Boeing and the US Navy have successfully completed the first test flight of the MQ-25 unmanned aerial refueler.
The MQ-25 test aircraft, known as T1, completed the autonomous two-hour flight under the direction of Boeing test pilots operating from a ground control station at MidAmerica St. Louis Airport in Mascoutah, where the test programme is based.
The firm advise that the aircraft completed an autonomous taxi and takeoff and then flew a predetermined route to validate the aircraft’s basic flight functions and operations with the ground control station.
“Seeing MQ-25 in the sky is a testament to our Boeing and Navy team working the technology, systems and processes that are helping get MQ-25 to the carrier,” said Boeing MQ-25 Program Director Dave Bujold.
“This aircraft and its flight test program ensures we’re delivering the MQ-25 to the carrier fleet with the safety, reliability and capability the U.S. Navy needs to conduct its vital mission.”
The Boeing-owned test aircraft is a predecessor to the engineering development model (EDM) aircraft and is being used for early learning and discovery to meet the goals of the US Navy. Boeing will produce four EDM MQ-25 air vehicles for the US Navy under an $805 million contract awarded in August 2018.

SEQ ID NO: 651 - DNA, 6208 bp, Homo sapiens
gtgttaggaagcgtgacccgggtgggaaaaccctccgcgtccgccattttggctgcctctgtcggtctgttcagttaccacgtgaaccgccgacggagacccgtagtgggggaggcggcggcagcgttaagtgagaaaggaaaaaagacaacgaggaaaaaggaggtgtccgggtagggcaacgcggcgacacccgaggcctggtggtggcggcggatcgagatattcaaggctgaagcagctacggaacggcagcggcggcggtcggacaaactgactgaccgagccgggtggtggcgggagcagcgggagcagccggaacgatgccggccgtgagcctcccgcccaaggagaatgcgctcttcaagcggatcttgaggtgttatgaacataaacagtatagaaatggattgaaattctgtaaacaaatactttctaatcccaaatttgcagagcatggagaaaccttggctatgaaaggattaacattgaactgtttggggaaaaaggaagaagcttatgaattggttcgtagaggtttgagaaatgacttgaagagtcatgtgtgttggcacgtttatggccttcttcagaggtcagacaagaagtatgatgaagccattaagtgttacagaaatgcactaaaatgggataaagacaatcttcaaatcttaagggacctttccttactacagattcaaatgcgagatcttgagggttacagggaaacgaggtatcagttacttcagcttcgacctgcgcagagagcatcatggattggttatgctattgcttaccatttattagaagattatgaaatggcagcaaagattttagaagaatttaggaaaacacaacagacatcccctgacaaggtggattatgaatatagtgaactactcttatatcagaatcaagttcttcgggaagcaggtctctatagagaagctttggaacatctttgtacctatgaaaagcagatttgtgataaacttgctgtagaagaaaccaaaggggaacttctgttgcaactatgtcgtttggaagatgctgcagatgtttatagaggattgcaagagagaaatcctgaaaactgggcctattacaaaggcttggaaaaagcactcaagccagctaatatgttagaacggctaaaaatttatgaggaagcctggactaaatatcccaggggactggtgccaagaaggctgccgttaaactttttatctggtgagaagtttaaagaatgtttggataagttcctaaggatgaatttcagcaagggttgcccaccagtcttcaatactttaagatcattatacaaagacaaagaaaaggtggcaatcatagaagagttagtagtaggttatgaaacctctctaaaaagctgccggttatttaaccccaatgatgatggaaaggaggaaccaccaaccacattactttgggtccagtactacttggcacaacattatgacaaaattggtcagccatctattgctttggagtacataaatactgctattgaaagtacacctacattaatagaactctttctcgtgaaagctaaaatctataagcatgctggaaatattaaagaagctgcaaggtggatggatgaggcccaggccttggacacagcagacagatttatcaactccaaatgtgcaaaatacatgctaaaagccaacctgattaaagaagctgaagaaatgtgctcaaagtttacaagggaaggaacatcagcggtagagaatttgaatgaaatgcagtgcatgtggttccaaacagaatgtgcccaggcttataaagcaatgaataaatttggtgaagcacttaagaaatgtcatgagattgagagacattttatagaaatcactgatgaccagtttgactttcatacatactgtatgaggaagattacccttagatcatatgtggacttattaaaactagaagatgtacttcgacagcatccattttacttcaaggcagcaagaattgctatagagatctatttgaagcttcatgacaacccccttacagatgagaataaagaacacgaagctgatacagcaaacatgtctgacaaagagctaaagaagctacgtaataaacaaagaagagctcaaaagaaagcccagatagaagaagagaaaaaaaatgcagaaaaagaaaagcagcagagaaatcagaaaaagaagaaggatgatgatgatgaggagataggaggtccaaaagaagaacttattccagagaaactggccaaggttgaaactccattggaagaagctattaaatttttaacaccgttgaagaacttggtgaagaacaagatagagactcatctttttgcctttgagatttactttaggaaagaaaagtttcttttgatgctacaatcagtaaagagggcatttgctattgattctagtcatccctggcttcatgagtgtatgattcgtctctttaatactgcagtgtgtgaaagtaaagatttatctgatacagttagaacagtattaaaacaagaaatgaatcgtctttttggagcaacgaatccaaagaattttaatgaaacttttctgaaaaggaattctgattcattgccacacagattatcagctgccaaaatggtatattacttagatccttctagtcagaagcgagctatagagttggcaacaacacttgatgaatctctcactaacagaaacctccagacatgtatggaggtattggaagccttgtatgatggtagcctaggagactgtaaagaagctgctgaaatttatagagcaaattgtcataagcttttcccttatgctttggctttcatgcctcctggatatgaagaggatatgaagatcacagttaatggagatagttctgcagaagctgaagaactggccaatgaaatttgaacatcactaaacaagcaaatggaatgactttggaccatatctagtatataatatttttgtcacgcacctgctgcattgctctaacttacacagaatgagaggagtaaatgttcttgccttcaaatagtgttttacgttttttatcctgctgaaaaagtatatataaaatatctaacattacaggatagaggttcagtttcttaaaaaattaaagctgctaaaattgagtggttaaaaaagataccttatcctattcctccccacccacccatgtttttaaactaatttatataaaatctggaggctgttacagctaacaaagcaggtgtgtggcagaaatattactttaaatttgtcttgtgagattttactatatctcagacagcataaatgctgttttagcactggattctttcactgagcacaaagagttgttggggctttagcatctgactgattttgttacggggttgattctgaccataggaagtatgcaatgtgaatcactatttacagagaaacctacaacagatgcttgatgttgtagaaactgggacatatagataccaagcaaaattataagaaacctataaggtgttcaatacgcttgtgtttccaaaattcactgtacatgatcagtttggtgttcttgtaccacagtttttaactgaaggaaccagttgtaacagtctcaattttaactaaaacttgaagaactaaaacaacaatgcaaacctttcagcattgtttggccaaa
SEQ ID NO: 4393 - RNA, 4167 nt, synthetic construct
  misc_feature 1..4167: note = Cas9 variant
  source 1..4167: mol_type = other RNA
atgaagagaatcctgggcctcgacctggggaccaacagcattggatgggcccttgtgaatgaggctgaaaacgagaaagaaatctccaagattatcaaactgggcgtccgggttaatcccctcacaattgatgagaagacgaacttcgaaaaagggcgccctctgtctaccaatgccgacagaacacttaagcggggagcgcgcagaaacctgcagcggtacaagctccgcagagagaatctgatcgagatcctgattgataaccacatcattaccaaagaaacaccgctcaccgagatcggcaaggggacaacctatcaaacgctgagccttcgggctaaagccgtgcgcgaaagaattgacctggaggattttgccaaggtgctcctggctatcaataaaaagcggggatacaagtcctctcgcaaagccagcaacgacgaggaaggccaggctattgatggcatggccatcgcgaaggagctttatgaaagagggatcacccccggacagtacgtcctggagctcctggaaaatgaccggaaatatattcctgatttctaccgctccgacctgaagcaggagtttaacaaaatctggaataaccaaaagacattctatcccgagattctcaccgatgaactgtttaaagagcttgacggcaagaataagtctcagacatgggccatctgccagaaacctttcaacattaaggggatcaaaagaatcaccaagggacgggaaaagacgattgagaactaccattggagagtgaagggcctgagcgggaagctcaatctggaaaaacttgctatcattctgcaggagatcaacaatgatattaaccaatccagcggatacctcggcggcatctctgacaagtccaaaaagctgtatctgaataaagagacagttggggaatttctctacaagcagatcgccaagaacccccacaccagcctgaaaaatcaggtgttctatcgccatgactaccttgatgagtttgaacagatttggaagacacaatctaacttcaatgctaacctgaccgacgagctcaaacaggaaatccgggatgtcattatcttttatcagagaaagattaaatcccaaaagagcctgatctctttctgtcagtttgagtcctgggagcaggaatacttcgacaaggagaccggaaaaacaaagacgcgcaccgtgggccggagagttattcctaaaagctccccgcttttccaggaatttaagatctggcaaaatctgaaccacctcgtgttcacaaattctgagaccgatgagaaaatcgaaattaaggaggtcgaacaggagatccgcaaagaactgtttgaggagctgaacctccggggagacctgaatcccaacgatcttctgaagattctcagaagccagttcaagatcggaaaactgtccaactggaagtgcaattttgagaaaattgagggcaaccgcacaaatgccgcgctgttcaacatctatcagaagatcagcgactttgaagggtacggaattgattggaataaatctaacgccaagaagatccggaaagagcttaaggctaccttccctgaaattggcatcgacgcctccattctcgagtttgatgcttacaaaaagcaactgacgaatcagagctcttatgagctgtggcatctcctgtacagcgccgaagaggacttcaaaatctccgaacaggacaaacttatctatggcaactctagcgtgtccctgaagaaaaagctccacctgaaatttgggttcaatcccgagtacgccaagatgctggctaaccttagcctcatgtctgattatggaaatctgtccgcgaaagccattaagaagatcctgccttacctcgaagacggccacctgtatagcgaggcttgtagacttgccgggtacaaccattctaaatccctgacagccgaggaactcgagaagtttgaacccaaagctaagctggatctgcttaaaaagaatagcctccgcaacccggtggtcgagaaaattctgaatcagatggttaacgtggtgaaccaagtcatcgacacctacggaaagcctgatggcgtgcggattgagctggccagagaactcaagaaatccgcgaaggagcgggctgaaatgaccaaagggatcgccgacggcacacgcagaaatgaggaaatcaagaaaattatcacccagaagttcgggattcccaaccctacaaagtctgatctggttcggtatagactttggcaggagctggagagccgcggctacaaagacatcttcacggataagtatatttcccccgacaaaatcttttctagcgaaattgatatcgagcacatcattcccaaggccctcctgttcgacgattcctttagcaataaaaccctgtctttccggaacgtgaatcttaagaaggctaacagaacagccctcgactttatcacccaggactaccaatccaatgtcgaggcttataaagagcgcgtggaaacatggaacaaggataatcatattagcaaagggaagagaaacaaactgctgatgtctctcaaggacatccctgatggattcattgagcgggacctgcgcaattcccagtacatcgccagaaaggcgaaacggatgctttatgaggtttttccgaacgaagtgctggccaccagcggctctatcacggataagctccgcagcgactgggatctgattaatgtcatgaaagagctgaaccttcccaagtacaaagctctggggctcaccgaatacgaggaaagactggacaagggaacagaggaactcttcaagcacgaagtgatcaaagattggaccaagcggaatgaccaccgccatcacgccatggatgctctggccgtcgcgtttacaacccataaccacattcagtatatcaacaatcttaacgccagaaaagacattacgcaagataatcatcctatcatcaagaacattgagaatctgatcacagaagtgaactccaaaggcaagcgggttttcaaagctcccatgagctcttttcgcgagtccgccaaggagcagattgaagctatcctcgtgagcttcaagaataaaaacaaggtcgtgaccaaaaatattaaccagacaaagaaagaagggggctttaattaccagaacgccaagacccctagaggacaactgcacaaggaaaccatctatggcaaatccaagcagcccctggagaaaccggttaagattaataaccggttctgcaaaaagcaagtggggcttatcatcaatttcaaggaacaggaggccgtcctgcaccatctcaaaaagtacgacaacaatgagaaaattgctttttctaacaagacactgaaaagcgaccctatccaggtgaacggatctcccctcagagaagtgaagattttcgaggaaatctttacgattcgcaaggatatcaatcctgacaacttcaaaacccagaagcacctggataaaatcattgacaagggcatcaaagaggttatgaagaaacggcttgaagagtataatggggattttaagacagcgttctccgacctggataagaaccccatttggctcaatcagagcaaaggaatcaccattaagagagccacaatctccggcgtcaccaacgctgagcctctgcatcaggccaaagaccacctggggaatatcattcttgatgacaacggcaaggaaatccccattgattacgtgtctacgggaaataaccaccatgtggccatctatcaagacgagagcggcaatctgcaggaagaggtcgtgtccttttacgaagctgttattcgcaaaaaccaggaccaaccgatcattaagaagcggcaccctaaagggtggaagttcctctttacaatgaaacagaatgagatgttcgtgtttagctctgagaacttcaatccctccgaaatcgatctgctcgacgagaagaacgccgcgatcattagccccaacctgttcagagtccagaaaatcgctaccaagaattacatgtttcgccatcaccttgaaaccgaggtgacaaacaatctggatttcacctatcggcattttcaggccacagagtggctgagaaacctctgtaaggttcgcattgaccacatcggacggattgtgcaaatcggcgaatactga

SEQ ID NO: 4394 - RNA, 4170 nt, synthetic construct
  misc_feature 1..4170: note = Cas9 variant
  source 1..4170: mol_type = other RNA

The MQ-25 will provide the US Navy with what Boeing describes as a much-needed carrier-based unmanned aerial refueling capability.
“It will allow for better use of the combat strike fighters currently performing the tanking role and will extend the range of the carrier air wing.”
T1 received its experimental airworthiness certificate from the FAA in September, verifying that the air vehicle meets the agency’s requirements for safe flight.
Testing will continue with T1 to further early learning and discovery that advances major systems and software development.